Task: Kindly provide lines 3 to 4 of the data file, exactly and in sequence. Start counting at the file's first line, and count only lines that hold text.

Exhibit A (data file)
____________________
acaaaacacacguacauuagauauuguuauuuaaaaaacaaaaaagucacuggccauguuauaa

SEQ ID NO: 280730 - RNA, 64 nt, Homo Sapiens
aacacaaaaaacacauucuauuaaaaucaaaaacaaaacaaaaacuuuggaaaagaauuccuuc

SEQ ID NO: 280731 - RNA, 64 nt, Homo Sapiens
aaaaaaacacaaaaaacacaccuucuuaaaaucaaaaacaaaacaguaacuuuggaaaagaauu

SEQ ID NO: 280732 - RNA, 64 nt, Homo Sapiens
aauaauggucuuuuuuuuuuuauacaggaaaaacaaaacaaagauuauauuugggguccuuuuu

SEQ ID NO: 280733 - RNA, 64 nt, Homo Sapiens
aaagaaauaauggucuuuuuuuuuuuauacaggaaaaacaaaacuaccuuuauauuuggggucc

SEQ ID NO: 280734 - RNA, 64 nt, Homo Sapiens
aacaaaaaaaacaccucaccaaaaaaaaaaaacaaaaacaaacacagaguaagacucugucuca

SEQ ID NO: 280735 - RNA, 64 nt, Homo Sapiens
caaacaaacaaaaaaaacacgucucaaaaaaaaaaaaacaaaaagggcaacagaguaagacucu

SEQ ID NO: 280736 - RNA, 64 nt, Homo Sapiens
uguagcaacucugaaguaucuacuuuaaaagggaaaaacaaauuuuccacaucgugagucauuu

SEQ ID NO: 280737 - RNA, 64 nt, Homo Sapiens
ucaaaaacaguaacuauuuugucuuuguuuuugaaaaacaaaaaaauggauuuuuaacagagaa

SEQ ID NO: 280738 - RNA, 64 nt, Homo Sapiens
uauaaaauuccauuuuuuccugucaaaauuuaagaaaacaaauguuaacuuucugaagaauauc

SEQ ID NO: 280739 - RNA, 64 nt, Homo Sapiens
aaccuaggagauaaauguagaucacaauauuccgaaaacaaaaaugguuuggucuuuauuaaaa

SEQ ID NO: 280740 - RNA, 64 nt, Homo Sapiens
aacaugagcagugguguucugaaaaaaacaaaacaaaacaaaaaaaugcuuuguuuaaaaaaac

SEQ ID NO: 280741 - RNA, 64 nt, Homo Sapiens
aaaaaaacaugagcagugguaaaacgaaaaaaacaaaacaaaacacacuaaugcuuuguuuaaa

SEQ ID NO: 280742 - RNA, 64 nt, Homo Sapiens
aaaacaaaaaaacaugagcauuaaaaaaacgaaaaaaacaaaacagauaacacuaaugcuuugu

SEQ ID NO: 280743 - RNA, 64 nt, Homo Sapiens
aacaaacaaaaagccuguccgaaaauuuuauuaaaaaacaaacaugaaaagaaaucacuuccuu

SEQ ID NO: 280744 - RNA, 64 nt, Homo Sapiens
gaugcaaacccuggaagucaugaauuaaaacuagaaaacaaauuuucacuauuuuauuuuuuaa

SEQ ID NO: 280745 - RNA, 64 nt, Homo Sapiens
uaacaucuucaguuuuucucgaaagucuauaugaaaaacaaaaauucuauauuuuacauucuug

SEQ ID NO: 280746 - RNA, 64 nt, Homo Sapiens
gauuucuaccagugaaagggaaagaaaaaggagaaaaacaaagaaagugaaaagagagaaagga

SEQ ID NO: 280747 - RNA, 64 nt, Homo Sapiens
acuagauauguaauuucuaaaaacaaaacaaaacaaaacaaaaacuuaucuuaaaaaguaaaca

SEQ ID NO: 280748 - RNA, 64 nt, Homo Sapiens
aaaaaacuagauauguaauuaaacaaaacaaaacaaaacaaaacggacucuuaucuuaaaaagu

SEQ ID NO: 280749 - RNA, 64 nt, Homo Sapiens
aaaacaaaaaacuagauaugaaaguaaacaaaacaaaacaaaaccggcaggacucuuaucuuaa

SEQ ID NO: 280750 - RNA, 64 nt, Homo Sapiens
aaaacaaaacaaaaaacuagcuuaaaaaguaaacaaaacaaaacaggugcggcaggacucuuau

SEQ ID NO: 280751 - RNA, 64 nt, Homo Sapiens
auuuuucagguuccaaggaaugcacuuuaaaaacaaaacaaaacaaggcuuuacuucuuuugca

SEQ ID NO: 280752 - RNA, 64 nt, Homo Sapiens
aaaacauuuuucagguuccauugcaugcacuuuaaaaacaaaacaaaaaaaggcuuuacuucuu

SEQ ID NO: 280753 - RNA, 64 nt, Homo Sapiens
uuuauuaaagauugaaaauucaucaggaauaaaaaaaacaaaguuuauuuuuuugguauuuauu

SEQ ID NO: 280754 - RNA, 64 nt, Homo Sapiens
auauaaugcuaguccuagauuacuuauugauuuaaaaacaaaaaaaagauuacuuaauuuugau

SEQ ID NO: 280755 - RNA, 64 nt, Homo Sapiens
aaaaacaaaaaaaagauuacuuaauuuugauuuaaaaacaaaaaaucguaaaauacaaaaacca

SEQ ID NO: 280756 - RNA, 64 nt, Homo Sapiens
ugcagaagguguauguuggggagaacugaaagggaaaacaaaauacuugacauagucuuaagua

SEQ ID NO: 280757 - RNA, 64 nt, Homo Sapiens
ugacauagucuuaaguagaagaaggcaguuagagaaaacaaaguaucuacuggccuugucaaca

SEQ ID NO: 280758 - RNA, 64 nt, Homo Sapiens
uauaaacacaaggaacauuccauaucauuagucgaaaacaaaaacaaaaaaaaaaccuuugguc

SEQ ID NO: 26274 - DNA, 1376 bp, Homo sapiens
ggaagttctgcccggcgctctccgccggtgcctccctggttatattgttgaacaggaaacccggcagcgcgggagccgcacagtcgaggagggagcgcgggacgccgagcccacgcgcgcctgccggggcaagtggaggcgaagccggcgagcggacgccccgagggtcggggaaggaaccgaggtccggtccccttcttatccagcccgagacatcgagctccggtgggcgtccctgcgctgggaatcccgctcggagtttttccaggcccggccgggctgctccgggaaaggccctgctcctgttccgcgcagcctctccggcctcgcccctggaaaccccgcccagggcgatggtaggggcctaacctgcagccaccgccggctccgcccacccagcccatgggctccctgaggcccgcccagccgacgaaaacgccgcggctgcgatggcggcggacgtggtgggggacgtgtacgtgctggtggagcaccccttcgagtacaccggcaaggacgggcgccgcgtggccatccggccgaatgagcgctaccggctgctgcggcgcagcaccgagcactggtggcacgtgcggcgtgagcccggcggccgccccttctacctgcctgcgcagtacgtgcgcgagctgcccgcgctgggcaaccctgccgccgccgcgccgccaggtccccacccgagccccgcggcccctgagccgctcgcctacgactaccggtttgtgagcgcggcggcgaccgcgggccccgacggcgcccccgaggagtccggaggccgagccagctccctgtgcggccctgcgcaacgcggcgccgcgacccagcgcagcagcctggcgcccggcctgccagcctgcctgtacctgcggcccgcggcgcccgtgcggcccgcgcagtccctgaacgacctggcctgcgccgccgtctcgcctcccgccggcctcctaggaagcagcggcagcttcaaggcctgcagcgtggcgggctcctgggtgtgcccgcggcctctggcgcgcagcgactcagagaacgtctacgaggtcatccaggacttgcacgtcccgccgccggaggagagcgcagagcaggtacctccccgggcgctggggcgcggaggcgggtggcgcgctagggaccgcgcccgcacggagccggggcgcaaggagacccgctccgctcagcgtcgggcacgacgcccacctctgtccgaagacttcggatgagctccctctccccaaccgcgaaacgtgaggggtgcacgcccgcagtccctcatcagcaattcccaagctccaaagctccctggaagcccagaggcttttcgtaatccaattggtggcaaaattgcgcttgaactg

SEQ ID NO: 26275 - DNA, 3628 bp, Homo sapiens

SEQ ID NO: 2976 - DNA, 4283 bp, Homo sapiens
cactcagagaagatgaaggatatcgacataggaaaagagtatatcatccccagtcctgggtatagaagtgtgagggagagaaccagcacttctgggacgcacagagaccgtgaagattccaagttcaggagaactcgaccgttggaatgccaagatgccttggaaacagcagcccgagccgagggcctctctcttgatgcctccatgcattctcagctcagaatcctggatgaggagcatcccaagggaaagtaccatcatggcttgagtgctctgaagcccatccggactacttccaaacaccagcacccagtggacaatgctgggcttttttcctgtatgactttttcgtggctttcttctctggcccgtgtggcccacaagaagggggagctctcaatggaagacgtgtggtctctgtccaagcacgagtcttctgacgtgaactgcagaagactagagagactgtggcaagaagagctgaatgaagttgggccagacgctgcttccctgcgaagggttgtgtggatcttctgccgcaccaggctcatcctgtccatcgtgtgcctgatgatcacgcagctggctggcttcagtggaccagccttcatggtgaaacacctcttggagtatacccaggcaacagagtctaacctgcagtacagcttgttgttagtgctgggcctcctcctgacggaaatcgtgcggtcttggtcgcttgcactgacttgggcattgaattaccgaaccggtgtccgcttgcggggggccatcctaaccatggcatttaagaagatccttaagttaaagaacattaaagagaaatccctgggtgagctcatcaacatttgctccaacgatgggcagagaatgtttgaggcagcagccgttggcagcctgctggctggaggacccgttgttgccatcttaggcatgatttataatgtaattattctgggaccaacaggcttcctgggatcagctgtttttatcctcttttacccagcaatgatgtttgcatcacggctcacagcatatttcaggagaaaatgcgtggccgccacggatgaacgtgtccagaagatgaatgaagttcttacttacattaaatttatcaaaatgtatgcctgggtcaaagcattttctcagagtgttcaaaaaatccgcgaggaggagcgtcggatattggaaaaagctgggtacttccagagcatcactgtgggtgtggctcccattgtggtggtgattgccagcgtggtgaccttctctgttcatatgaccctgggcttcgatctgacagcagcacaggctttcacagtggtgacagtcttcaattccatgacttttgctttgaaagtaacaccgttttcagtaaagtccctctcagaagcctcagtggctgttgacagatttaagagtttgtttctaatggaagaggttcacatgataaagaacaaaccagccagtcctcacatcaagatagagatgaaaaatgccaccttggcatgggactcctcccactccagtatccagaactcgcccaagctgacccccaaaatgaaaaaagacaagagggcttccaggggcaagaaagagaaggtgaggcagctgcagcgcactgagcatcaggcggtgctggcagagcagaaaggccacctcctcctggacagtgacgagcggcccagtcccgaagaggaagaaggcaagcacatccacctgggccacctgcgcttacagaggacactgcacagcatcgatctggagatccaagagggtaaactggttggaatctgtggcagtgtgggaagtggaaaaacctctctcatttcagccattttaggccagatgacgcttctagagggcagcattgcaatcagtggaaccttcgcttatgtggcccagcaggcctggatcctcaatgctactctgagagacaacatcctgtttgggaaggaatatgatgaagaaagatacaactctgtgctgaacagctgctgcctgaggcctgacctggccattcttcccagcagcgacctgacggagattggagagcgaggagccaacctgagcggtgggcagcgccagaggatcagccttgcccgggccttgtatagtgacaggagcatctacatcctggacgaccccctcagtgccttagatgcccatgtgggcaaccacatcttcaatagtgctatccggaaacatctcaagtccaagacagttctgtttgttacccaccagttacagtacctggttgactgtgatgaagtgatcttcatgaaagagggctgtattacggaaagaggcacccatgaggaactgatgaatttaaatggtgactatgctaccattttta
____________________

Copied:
aacacaaaaaacacauucuauuaaaaucaaaaacaaaacaaaaacuuuggaaaagaauuccuuc

SEQ ID NO: 280731 - RNA, 64 nt, Homo Sapiens